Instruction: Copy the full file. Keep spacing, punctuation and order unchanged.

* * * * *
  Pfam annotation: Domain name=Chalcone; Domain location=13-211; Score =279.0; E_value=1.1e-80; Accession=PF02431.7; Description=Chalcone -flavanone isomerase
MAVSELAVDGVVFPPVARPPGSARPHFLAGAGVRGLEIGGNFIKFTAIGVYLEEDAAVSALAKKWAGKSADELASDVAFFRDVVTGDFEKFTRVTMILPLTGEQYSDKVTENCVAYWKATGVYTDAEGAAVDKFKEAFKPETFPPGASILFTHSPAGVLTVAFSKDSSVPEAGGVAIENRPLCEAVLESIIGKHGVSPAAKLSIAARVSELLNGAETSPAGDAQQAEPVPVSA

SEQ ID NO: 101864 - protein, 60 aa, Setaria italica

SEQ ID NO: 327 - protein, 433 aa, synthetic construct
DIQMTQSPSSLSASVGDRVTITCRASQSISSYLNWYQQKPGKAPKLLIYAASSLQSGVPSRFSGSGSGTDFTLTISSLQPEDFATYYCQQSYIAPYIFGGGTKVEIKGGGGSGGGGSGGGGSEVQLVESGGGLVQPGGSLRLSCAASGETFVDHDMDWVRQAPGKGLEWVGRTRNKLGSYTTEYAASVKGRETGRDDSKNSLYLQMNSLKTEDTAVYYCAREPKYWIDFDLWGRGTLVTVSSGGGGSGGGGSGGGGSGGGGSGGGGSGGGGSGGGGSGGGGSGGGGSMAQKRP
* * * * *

  Pfam annotation: Domain name=Chalcone; Domain location=13-211; Score =279.0; E_value=1.1e-80; Accession=PF02431.7; Description=Chalcone -flavanone isomerase
MAVSELAVDGVVFPPVARPPGSARPHFLAGAGVRGLEIGGNFIKFTAIGVYLEEDAAVSALAKKWAGKSADELASDVAFFRDVVTGDFEKFTRVTMILPLTGEQYSDKVTENCVAYWKATGVYTDAEGAAVDKFKEAFKPETFPPGASILFTHSPAGVLTVAFSKDSSVPEAGGVAIENRPLCEAVLESIIGKHGVSPAAKLSIAARVSELLNGAETSPAGDAQQAEPVPVSA

SEQ ID NO: 101864 - protein, 60 aa, Setaria italica

SEQ ID NO: 327 - protein, 433 aa, synthetic construct
DIQMTQSPSSLSASVGDRVTITCRASQSISSYLNWYQQKPGKAPKLLIYAASSLQSGVPSRFSGSGSGTDFTLTISSLQPEDFATYYCQQSYIAPYIFGGGTKVEIKGGGGSGGGGSGGGGSEVQLVESGGGLVQPGGSLRLSCAASGETFVDHDMDWVRQAPGKGLEWVGRTRNKLGSYTTEYAASVKGRETGRDDSKNSLYLQMNSLKTEDTAVYYCAREPKYWIDFDLWGRGTLVTVSSGGGGSGGGGSGGGGSGGGGSGGGGSGGGGSGGGGSGGGGSGGGGSMAQKRP